• 2. 2. What represents a good functionality-based size measure for cross- organizational ERP projects? 3. How to assess the goodness-of-fit of cost models in real life cross-organizational settings? 4. How to incorporate estimation activities into the RE process for networked ERP? The proposed project aims at delivering: (i) a multidimensional size and effort estimation framework for cost estimation of networked ERP implementation projects, (ii) a RE approach to networked ERP projects that incorporates cost estimation and risk assessment activities, and (iii) a success model that will help network partners visualize and reason about what will distinguish a successful networked ERP project from a failed one. This will be achieved by employing well-founded and established – but insufficiently deployed in industry – functionality-driven and real-options-theory-based models and methods in order to improve the practice of early effort estimation of ERP projects in networked settings. Specifically, we will (i) use Function-Point-Analysis [GAR01] for sizing the functionality of networked ERP systems as its worth was proven in previous ERP studies, (ii) use Amram’s real-options theory [AMR00] because previously published experiences found it suitable for cross-organizational ERP settings [DAV00, TAU00], (iii) integrate a variety of existing effort estimation models [STE01], because they offer the vehicles to understand the individual aspects of the multidimensional ERP estimation problem, and (iv) follow a case study approach because there is not much theory in the field, and what theory there is, is mostly qualitative; and also because so many variables impinge on cost estimation that it cannot be replicated in a laboratory. The project is structured into the following activities • A1: Assess current cost estimation practices. This is to answer research questions 1 and 4; it implies analyzing experiences and aims at increasing our state-of-the art understanding of both the key cost drivers and the good practices in resolving estimation problems as part of the networked ERP RE process. • A2: Re-define cost estimation practices. This answers research question 2 and is also needed as a prerequisite for questions 3. It aims at leveraging existing cost modeling and estimation processes and integrating them to achieve a valid estimation framework for simultaneous cross-organizational ERP projects. • A3: Validate the cost estimation framework. This is to answer research question 3. It aims at (i) evaluating the goodness of fit of the proposed approach and (ii) explaining why results from individual assessment studies may differ. • A4: Define a cost-and-risk-driven RE process for networked ERP. This is to answer research question 4. It aims at identifying ways of how cost estimation and risk assessment can be best incorporated into the early stage of networked ERP implementation projects. 4.3 Relevance of this Research for CTIT ERP implementation is one of the core disciplines in the field of enterprise information systems. The problem of networked ERP implementation so far has received scant attention from research, even though there are many research challenges to be met, that could lead to huge improvements in practice. Cost estimation is the key issue in this improvement [DAV00, STE01] and is also recognized as a key factor in networked architecture decision making [KAZ02]. That there is a link between architecture and project cost analysis worth investigating is now evident from the increasing number of authors addressing this topic [KAZ02]. A closer look into this link, as defined by these authors, reveals the following: first, conceptual architecture components, like process models and entity-relationship data models, represent descriptions of the functionality that should be embedded in an enterprise system under development. As the architecture gives us an early understanding of the functionality at the requirements stage of the project, we are able to come up with size numbers, for 2
  • 3. example, based on the Function Point Analysis technique [JON97]. Size data is then used to estimate the effort that it would take to build and deliver this functionality to business users. Second, knowledge of the costs involved in enterprise system implementation projects has its impacts on our architecture choices: project costs often impose constraints ERP adopters have to consider when revising architecture components. Early availability of cost estimation data helps us (i) make cost- conscious and well-informed architecture decisions, and (ii) focus the team's efforts on those architecture assets that are implementable at decent cost and that seem to bring the greatest returns [KAZ02]. For networked ERP implementation projects, there is a shortage of both relevant metrics and historical project datasets, coupled with an absence of proper methodologies to evaluate size, effort, productivity and other cost factors. Even established approaches such as the COCOMO family of models [BOE00] are not suitable to cross-organizational projects [STE01]. Literature does report on a few approaches that partially resolved the cost estimation problem in specific intra-organizational cases [STE01, BOH00, DAN00]. However, in all these case studies, cost estimation issues are tackled in a fragmented way and, thus, have no or little linkage to ERP RE [DAN05b]. Our project proposal fills this gap. It is intended to create synergy between the chairs of Information Systems (EWI) and Business Information Systems (BBT), made possible through the start of Prof. dr. van Hillergersberg at BBT. We intend to create a critical mass of knowledge in the area of implementing networked business applications. This should create increased visibility of the CTIT in this area. Due to the multidisciplinary nature of the research, funding organizations currently do not have funding programs aimed at enterprise information systems. The results of the COSMOS projects should lead to improvements in the practice of networked business applications as well as start a new research program in this area. The newly acquired expertise will be used as a foundation for building a network for excellence in RE for networked systems development projects. 4.4. Local Embedding The research will be performed in tied collaboration at the chairs of Information Systems (EWI) and Business Information Systems (BBT). It builds up on previous results published by members of the chairs [EVE00, DAN05a, DAN05b]. The applicant, Daneva, is a member of the VITAL project managed by the Information Systems group (http://www.vital-project.org/), in which techniques to design networked business systems are developed and investigated, taking the value offered by those systems, and the costs incurred, into account. The proposed research will be part of the GRAAL (Guidelines Regarding Architecture Alignment) research program of the group (http://is.cs.utwente.nl/GRAAL). It is also related to the RE research done in the group [DAN05a, DAN05b]. The proposed project continues the RE line but refocuses on ongoing cost and risk analysis as part of the cross-organizational ERP RE. 4.5 Related Work Software economics schools of thought [BOE00, JON97] have been developing models of size/cost relationships since 1965, but none of the suggested models has been applied in networked ERP settings. Notwithstanding the importance of early ERP cost estimation, the existing literature sources have added up too little to link cost estimation and risk assessment to RE as well. We position our cost estimation approach as a framework that extends and integrates existing methods, processes and models. This extension is fourfold: (i) we focus on networked businesses, (ii) we defined size and effort as multidimensional measures, (iii) we focus on success and failure phenomena in networked ERP systems, and (iv) we aim at a strong and explicit linkage between cost estimation and networked ERP RE processes. 4.6. References [AMR00] Amram M., N. Kulatilaka, Real Options: Managing Strategic Investment in an Uncertain World, Harvard Business School Press, Boston, 2000. 3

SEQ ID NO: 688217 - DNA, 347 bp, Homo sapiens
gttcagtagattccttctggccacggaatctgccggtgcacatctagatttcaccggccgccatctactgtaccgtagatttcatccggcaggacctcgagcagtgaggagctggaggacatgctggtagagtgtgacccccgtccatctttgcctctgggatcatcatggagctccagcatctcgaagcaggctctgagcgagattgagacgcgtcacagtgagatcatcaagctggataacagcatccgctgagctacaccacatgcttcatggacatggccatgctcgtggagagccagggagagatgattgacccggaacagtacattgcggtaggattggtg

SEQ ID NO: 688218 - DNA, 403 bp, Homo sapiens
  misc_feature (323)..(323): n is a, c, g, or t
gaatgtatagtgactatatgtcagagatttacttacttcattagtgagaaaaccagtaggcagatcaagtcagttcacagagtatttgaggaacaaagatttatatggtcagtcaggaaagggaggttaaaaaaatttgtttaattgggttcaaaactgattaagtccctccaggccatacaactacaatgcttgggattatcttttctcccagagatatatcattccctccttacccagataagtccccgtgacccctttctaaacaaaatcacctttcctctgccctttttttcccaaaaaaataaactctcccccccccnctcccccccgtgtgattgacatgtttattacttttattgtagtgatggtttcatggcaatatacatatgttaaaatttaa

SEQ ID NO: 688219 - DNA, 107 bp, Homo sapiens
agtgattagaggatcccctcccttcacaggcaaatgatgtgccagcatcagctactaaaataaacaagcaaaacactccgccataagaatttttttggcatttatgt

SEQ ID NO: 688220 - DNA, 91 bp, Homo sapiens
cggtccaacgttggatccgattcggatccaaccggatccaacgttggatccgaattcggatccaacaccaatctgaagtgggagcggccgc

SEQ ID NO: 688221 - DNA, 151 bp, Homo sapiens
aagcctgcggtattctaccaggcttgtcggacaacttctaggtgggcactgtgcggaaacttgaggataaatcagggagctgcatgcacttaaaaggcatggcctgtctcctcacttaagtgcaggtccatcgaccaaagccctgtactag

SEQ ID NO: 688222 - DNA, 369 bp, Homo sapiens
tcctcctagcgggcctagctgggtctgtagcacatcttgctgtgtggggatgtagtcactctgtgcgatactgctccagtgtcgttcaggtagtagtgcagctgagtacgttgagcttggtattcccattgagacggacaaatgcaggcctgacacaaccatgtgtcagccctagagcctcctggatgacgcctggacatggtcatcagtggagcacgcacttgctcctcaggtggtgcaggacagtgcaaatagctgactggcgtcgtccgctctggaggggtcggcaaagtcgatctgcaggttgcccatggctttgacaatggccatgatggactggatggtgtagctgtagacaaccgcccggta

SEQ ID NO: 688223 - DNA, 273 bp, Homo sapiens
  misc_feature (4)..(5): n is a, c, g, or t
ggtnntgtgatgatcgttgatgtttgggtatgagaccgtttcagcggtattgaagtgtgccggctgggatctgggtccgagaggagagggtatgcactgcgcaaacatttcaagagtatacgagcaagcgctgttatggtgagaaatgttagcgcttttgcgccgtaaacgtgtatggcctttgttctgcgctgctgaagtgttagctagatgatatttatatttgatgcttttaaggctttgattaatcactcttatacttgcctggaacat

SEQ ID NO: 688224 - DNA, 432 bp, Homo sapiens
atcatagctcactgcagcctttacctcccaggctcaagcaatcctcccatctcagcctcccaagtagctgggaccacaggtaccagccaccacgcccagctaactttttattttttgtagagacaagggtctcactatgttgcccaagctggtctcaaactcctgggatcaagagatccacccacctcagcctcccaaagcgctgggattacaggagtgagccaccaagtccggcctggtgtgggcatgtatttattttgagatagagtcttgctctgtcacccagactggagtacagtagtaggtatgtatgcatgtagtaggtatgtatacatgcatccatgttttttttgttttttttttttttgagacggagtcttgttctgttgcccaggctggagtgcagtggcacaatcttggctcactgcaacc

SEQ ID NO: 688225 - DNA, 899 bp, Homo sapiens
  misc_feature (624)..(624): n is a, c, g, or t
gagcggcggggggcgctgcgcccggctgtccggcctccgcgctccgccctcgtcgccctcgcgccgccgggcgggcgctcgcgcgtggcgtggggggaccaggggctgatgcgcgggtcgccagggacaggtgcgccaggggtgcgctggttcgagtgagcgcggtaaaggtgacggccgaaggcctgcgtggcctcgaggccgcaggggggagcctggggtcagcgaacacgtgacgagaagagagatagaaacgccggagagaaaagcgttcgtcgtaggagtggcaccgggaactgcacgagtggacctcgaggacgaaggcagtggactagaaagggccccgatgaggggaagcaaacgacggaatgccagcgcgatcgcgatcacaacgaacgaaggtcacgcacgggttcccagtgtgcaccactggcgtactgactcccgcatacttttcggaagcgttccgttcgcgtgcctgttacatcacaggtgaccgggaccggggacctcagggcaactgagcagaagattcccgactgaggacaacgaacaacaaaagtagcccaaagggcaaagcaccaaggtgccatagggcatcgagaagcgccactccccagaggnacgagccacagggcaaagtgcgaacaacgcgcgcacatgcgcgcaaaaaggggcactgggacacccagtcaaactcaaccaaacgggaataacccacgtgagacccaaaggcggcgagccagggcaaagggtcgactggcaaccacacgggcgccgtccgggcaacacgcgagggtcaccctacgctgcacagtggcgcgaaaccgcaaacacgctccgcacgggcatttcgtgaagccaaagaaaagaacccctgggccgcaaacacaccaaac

• 4. [BOE00] Boehm, B., C. Abts, S. Chulani, Software Development Cost Estimation Approaches – a Survey, Annals of Software Engineering, 10, 2000, pp 177-205. [DAN05a] Daneva, M., R.J. Wieringa, Requirements Engineering for Cross-organizational ERP Implementation: Undocumented Assumptions and Potential Mismatches, 13th IEEE Requirements Engineering Conference (RE’05), Paris, 2005. Accepted. [DAN05b] Daneva, M., R.J. Wieringa, A Conceptual Framework for Research in Cross-organizational ERP Cost Estimation, Workshop on Requirements Engineering and Project Management in Software Projects, in conjunction with the 13th IEEE Requirements Engineering Conference (RE’05), Paris, 2005. Accepted. [DAN00]M. Daneva: Practical Reuse Measurement in ERP Requirements Engineering, Proc. of the 12th Intl Conf. on Advanced Information Systems Engineering (CaiSE’00), Stockholm, Sweden, June 5-9, 2000, LNCS, Springer Verlag, pp. 309-324. [DAV00] Davenport, T., Mission Critical: Realizing the Promise of Enterprise Systems, HBS Press, 2000. [EVE00] Everdingen Y. van, J. van Hillegersberg, E. Waarts: ERP Adoption by European Midsize Companies. Commun. ACM 43(4) , 2000, pp.27-31 [GAR01] Garmus, D, D. Herron: Function Point Analysis: Measurement Practices for Successful Software Projects, Addison Wesley, 2001 [JON97] Jones, C, Applied Software Measurement, McGraw-Hill, 1997. [KAZ02] Kazman, R., J. Asundi, M. Klein, "Making Architecture Design Decisions: An Economic Approach", Technical Report CMU/SEI-2002-TR-035. [STE01] Stensrud E., Alternative Approaches to Effort Prediction of ERP Projects. Information & Software Technology, 43(7), 2001, pp. 413-423. [TAU00] Taudes A., M. Feurstein, A. Mild, Options Analysis of Software Platform Decisions : a Case Study, MIS Quarterly, 24(2), 2000, pp. 227-243. 5. Requester Dr. Maya Daneva PostDoc Researcher Information Systems Group Department of Electrical Engineering, Mathematics and Computer Science University of Twente P.O. Box 217 7500 AE Enschede, The Netherlands Phone: +53 489 2889, E-Mail: m.daneva@utwente.nl 6. Related Publications by the Requester 1. M. Daneva, R.J. Wieringa, Requirements Engineering for Cross-organizational ERP Implementation: Undocumented Assumptions and Potential Mismatches, 13th IEEE Requirements Engineering Conference (RE’05), Paris, 2005. Accepted. 2. M. Daneva, R.J. Wieringa, A Conceptual Framework for Research in Cross-organizational ERP Cost Estimation, Workshop on Requirements Engineering and Project Management in Software Projects, in conjunction with the 13th IEEE Requirements Engineering Conference (RE’05), Paris, 2005. Accepted. 3. M. Daneva, Patterns of Success and Failure in ERP Requirements Engineering: an Empirical Study, Proc. of 14th Intl. Workshop on Software Measurement (IWSM’04), Nov.2-5, 2004, Berlin, Germany, Shaker Verlag, pp. 527-546. 4. M. Daneva, ERP Requirements Engineering Practice: Lessons Learnt, IEEE Software, Vol. 21 (2), pp. 26-33. 5. M. Daneva, Lessons Learnt from Five Years of Experience in ERP Requirements Engineering, Proc. of the 11th Intl. Conf. on Requirements Engineering (RE’03), 2003, Monterey Bay, CA, USA, IEEE Computer Society, pp. 45-54. 6. M. Daneva, Using Maturity Assessments to Understand the ERP Requirements Engineering Process, Proc. of the 10th Anniversary IEEE Joint International Conference on Requirements Engineering (RE’02), Sept. 9-13 2002, Essen, Germany, IEEE Computer Society, pp. 255-262. 7. M. Daneva: Practical Reuse Measurement in ERP Requirements Engineering, Proc. of the 12th Intl Conf. on Advanced Information Systems Engineering (CaiSE’00), Stockholm, Sweden, June 5-9, 2000, LNCS, Springer Verlag, pp. 309-324. 9. M. Daneva: Establishing Reuse Measurement Practices in SAP Requirements Engineering, Proc. of the 4th Intl Conf. on Requirements Engineering (ICRE'00), Schaumburg, IL, 2000, USA, IEEE Computer Society, pp. 168-177. 10.M. Daneva, Function Point Counts Derived from SAP Business Scenario Requirements, In: Software Measurement: Current Trends in Research and Practice (Eds: R. Dumke, A. Abran), Gabler Verlag, Wiesbaden, 1999. 4